sex drugs and intellectual freedom

Wikipedia, Truth, and the University

Posted in education, internets by A on 23 October 08

Technology Review currently has an article up about Wikipedia that basically amounts to a roundabout discussion of the subjective nature of truth. [via]

However, the piece brings up an interesting problem many of us haven’t considered: the often vicious circle of citation and verification.

Wikipedia lists its approved sources for citations hierarchically, beginning with peer-reviewed journals and books from university presses and ending up with mainstream news outlets with a point of view that (supposedly) remains relatively neutral. There’s a whole lot of stuff in Wikipedia (one of the things that makes it better than traditional encyclopedias) and many of those topics have no scholarly research to speak of. Like Pop Rocks. Or Jet Pants. As a result, MSM and pop culture publications are the only available records for many items. But…

…there is a problem with appealing to the authority of other people’s written words: many publications don’t do any fact checking at all, and many of those that do simply call up the subject of the article and ask if the writer got the facts wrong or right.

In turn, many journalists, bloggers, and other writers use Wikipedia for their cursory background research on a subject and, hey, if Wikipedia has a citation it must be alright! See where this is going? Some topics or Wikipedia entries are then doomed to an insular truth that may go relatively unnoticed. It may not be “wrong,” per say, but it certainly isn’t vetted in any proper way.

Of course, this is not true of all Wikipedia articles:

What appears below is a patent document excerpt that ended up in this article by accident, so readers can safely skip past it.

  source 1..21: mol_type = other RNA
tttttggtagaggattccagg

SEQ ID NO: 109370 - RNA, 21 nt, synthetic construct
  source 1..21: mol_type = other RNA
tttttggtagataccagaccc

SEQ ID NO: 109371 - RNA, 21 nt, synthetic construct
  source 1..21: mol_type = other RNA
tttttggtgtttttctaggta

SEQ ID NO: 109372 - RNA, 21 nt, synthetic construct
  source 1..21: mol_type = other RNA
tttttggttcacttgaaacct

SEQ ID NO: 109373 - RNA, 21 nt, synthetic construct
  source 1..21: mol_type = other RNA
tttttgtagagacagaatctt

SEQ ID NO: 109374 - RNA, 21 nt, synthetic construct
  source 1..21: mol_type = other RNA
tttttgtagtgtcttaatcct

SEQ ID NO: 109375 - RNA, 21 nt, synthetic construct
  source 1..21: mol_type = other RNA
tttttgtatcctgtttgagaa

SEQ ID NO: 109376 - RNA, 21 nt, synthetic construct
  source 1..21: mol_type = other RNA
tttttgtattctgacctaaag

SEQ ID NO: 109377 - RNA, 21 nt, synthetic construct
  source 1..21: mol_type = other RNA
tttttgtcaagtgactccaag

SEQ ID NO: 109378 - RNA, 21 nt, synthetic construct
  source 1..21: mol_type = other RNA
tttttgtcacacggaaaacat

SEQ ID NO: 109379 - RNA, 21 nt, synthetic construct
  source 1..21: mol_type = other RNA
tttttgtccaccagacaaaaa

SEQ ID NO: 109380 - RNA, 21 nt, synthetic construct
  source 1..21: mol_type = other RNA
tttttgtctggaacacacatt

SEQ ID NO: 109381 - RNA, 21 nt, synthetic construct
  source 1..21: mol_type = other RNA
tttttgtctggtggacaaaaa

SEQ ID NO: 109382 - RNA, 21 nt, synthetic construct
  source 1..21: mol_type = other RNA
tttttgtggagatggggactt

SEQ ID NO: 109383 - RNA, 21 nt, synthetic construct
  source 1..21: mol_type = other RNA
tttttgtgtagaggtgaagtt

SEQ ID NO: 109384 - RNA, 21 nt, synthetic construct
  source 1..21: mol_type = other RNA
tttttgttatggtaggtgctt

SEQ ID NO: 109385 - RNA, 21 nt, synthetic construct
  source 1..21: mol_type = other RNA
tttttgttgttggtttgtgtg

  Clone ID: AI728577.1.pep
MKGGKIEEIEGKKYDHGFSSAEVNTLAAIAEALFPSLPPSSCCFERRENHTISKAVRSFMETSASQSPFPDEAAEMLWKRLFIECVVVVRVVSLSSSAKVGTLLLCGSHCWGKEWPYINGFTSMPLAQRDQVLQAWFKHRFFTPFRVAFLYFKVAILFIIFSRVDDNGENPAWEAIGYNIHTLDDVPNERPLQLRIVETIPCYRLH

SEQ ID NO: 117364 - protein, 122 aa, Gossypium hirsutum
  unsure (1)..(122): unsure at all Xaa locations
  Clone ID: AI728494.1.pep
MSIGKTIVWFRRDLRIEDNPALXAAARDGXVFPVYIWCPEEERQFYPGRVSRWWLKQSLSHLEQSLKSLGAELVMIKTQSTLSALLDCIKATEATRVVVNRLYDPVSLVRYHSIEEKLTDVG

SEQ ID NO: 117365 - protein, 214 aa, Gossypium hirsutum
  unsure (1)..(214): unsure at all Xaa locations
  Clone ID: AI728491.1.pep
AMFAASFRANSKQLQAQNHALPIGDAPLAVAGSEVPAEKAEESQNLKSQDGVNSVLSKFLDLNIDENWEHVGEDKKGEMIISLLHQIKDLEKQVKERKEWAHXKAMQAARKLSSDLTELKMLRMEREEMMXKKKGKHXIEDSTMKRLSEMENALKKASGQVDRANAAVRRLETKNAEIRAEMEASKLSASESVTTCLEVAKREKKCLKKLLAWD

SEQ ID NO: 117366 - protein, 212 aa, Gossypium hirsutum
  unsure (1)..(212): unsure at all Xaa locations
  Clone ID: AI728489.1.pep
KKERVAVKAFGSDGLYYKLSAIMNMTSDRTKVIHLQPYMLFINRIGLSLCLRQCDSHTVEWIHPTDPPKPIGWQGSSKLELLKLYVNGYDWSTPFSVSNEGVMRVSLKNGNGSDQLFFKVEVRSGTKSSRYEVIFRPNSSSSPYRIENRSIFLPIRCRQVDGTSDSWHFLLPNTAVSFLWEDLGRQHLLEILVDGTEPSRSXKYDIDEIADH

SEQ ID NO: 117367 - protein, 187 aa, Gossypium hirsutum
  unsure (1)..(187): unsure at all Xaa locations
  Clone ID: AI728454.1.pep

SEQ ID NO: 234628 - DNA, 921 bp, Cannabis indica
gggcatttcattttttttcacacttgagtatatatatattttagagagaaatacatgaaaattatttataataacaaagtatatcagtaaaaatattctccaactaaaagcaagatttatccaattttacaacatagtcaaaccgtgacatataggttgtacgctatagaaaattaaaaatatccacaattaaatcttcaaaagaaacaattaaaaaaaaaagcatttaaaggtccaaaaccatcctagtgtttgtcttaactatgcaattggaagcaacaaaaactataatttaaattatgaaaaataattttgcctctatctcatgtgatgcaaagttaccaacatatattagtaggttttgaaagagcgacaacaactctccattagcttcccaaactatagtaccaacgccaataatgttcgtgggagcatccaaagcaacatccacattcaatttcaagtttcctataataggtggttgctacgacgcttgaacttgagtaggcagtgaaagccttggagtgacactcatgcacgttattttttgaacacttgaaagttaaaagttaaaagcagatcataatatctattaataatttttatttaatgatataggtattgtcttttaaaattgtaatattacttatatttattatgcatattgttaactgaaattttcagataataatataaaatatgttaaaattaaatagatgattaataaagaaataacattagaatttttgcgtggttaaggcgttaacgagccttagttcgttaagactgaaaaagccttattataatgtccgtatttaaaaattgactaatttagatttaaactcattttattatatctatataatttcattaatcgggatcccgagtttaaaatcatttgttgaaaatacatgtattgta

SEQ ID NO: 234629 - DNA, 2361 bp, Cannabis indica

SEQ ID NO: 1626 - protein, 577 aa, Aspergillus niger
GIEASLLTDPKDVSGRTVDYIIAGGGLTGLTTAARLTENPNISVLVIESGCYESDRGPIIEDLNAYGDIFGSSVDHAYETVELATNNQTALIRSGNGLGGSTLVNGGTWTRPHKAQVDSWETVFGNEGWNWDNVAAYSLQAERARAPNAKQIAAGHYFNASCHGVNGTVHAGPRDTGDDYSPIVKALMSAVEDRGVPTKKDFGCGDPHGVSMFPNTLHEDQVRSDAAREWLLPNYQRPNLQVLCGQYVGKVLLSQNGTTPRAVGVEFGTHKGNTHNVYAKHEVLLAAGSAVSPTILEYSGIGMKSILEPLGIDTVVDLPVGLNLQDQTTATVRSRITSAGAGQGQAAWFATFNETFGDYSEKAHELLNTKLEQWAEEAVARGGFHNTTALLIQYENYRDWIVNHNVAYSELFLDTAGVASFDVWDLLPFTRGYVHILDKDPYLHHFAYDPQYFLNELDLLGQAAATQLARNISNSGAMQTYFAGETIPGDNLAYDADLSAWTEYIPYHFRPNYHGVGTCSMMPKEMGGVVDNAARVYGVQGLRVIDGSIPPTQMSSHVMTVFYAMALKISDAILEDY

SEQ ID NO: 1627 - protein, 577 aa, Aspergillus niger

…studies have found that the articles are remarkably accurate. The reason is that Wikipedia’s community of more than seven million registered users has organically evolved a set of policies and procedures for removing untruths. This also explains Wikipedia’s explosive growth: if the stuff in Wikipedia didn’t seem “true enough” to most readers, they wouldn’t keep coming back to the website.

The problem of insularity is just one of the many complex and nuanced issues a resource as powerful as Wikipedia presents us. But people don’t always like to tackle complexity and nuance. They want the easy fix. Much of the time this is fine, but easy fixes shouldn’t always be acceptable.

Enter Wikipedia and the university.

Despite a proven authority on many topics, I’ve noticed an incredible aversion to it amongst faculty at my university. I assume the same applies to faculty at most universities across the US. Most of the time, students are sternly advised to steer clear of Wikipedia at all costs. At best, a professor or instructor will flippantly note that “yeah, ok, Wikipedia is a decent place to start but you better not cite it.” This is certainly good advice; Wikipedia is a great place—especially for students new to a topic or idea—to jump in and get your feet wet. And, obviously, any discussion worth anything won’t end there, just like any good discussion wouldn’t begin and end with the Encyclopedia Britannica.

However, the complete aversion or flippant reference does nothing to teach students how to effectively integrate Wikipedia resources into their research process. It becomes the same kind of hollow warning that “don’t wait until the night before it’s due to start your paper” has always been. Without any effective reason to not, students will pull the all-nighter. Without any effective lesson on how to use it, students will crutch poorly on Wikipedia. This is increasingly dangerous given the inordinately high rankings of Wikipedia articles in Google search results.

What we need is a commonplace classroom discourse that teaches us to approach Wikipedia with a critical lens. We should be advocating for these types of progressive, open resources while simultaneously equipping students with the tools necessary to effectively evaluate any resource. We’ll certainly end up with better researchers and, fingers crossed, a more critical citizenry.


One Response

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  1. Michael Zimmer said, on 24 October 08 at 7:16 PM

    “What we need is a commonplace classroom discourse….”

    Let’s do this.

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